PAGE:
Saturday, January 30, 2010


SPRING 2010 ENVMT 11 CODE: 24505 3 UNITS

Tuesdays: 6:30-9:30pm, 1/26 – 3/23;
Saturdays: 10:00am-4:00pm, 1/30, 2/6, 2/27, 3/20;
Sunday: 10:00am-4:00pm, 3/7
Location: The Environmental Center, Self-Reliant House (SRH), Merritt College Campus. Instructors: Robin Freeman MA,, 510-434-3840, 510-915-1452 cell David Ralston Phd,

Description: This is a nine-week intensive practicum course, meeting once a week with four additional weekend day-long field research sessions. The course will introduce students to current issues and prospects for incorporating sustainability within urban and regional planning. Specific case studies will investigate “Connecting the Dots” in the Oakland/East Bay “Green Corridor” region (e.g., green industry/job-shed; neighborhood centers; open space; watershed; transit; wildlife; cultural art and other points of connection). In the course, students will gain a background in the key concepts, debates, history, legal/regulatory framework, strategic approaches, and terminology associated with the US planning profession.. Students will become familiarized with various skill-sets utilized within the planning profession including geographic-based mapping; site data assessment methods; reading/interpreting maps and General Plans; and strategies for neighborhood-scale bottom up urban planning as a means for achieving sustainability. .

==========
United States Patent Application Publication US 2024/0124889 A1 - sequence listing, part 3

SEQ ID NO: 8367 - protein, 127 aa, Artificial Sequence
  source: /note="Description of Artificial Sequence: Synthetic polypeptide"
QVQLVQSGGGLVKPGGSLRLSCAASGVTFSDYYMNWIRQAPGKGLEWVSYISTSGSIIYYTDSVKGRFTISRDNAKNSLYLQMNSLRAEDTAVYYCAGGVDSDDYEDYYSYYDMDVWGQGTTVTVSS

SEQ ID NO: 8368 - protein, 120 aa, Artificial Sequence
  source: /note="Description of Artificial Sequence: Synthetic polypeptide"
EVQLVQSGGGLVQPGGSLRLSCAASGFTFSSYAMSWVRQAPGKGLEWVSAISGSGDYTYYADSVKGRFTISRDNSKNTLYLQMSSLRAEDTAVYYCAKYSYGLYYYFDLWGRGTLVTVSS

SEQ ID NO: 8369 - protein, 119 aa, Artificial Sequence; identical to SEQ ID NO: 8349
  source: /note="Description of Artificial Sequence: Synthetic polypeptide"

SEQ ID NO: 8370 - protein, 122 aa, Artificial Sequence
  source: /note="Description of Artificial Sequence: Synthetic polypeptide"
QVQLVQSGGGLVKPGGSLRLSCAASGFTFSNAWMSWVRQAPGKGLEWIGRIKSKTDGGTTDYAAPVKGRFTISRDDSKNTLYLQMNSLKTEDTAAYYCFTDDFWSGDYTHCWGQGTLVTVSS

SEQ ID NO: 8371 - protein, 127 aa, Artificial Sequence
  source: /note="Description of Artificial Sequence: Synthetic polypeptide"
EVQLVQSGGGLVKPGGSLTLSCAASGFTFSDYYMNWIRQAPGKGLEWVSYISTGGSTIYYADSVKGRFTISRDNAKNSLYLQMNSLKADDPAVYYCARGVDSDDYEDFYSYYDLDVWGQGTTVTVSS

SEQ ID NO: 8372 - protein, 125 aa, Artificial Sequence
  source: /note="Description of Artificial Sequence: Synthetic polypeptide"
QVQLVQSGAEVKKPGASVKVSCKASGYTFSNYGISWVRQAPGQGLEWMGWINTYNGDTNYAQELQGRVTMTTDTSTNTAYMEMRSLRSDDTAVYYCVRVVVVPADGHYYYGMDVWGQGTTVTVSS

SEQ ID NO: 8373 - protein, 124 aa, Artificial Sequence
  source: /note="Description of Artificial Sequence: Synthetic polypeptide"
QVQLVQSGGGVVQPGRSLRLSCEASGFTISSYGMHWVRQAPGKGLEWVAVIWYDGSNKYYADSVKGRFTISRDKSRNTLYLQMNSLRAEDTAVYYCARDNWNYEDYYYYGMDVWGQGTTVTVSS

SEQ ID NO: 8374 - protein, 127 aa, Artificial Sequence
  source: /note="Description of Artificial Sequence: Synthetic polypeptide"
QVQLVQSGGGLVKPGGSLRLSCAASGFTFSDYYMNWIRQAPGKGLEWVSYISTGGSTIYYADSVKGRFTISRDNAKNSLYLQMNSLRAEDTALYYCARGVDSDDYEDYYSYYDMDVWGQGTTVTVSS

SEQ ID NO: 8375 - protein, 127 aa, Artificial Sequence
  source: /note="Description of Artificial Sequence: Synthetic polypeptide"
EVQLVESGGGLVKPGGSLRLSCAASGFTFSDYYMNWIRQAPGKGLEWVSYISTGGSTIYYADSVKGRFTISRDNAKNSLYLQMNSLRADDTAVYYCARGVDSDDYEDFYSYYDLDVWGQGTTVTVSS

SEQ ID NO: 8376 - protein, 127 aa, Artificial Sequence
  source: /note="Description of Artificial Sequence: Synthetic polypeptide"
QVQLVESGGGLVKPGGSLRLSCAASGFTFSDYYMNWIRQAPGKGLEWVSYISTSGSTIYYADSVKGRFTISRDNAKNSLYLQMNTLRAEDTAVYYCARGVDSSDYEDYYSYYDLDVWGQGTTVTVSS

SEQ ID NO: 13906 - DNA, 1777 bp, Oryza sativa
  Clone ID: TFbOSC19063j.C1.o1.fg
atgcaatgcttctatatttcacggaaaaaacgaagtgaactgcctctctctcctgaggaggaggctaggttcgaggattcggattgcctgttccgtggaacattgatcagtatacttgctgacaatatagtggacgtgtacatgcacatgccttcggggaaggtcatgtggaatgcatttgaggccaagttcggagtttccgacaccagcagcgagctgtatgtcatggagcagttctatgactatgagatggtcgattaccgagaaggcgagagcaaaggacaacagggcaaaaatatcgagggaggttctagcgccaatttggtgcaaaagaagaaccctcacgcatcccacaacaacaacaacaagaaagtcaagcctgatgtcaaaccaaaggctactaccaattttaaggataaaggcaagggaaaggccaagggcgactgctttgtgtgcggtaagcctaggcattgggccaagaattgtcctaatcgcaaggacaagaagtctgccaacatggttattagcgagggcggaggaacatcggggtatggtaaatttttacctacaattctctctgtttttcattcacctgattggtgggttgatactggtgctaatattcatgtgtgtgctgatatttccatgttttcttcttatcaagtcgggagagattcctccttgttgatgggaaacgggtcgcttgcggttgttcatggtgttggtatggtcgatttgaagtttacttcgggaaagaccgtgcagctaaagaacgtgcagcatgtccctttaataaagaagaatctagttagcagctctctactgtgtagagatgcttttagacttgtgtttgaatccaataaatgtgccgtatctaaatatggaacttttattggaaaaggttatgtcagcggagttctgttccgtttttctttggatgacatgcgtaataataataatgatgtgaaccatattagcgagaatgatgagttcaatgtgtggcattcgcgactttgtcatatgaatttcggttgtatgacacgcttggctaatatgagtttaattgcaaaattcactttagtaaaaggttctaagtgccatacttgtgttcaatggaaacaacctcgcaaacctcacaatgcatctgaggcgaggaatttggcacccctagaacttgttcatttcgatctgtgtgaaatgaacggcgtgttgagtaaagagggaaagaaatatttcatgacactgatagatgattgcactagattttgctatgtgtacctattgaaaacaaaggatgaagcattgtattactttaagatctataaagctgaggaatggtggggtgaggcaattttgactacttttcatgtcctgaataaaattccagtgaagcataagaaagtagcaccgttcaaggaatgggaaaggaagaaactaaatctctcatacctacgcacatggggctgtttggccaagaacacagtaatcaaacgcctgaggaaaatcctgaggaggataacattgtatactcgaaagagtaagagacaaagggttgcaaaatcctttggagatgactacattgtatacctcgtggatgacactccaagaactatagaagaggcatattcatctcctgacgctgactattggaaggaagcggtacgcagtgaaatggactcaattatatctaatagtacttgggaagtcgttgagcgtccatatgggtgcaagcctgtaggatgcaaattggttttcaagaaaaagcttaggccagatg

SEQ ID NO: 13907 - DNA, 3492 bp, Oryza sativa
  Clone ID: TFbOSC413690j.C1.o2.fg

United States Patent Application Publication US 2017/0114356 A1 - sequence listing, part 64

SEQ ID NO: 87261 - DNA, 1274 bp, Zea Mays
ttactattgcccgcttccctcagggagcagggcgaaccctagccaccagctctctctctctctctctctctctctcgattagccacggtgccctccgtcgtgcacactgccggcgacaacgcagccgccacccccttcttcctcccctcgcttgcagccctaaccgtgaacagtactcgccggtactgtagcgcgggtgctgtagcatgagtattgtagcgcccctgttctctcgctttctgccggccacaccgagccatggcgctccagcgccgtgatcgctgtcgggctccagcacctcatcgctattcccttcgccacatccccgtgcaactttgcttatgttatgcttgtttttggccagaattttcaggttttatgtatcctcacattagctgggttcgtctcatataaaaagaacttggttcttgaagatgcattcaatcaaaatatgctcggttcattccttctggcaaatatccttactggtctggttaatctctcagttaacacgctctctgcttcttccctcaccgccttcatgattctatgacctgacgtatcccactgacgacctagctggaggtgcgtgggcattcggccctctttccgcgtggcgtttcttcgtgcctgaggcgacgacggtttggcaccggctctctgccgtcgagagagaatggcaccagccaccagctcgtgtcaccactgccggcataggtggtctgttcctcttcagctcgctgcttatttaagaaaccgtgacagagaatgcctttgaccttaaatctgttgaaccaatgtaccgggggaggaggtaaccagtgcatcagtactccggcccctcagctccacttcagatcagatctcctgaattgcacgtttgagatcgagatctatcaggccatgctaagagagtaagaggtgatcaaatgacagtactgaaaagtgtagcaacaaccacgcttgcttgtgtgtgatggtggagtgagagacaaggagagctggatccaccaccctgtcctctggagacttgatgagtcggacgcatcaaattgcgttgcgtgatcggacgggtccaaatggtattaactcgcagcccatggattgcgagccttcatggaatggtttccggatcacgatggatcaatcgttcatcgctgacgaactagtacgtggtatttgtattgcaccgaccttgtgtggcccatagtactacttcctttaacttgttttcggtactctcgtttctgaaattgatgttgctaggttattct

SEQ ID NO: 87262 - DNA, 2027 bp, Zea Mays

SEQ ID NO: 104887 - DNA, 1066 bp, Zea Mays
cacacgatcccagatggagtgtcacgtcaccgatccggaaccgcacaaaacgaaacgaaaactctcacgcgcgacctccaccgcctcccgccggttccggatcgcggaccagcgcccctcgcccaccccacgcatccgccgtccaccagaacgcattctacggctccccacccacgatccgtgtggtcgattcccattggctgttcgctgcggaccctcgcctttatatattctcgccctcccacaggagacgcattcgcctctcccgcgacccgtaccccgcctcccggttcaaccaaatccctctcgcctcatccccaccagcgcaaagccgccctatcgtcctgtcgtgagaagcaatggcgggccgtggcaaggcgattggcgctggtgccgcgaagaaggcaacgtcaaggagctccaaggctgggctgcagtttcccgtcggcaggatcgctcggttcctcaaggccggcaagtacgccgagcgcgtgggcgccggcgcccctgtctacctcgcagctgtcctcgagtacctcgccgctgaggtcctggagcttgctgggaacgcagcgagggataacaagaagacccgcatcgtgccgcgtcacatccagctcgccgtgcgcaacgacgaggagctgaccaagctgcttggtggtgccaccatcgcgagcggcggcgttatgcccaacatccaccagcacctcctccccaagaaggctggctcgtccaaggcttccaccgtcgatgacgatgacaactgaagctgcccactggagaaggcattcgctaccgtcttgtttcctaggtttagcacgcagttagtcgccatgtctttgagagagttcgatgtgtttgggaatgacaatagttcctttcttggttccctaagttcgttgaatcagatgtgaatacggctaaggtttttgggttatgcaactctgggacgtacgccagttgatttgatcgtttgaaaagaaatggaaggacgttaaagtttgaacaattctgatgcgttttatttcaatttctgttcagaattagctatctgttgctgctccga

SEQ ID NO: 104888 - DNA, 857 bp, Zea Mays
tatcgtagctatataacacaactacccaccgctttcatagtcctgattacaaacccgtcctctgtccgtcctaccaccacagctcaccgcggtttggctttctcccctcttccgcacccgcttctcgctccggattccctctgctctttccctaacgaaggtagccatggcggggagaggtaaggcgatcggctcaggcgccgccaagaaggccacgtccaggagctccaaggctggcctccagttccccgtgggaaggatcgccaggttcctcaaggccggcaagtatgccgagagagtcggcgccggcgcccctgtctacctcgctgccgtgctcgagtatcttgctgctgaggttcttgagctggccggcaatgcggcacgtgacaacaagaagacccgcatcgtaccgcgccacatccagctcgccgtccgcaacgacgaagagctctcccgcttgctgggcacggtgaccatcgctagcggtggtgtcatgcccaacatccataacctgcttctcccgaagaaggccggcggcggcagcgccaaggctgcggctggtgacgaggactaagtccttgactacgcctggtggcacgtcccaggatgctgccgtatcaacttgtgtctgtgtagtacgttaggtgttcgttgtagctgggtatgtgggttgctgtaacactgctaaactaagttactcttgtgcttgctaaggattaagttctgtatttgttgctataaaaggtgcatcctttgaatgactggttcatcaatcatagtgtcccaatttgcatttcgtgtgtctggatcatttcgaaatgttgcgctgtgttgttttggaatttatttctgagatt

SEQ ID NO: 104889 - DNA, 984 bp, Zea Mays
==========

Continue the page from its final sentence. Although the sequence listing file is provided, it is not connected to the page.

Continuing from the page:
Course requirements: Urban and Regional Planning may be taken for a letter grade or Credit/No Credit . It must be taken for a letter grade for a Certificate or Degree. For Credit, 75% attendance and participation is required. For a letter grade, minimum 75% attendance, class participation, assignments and a Final Project are required. You will evaluate the course and suggest a grade for yourself. This course satisfies requirements in several ENVMT majors.

Primary Text: Sustainable Oakland by Durst ($12, order in class).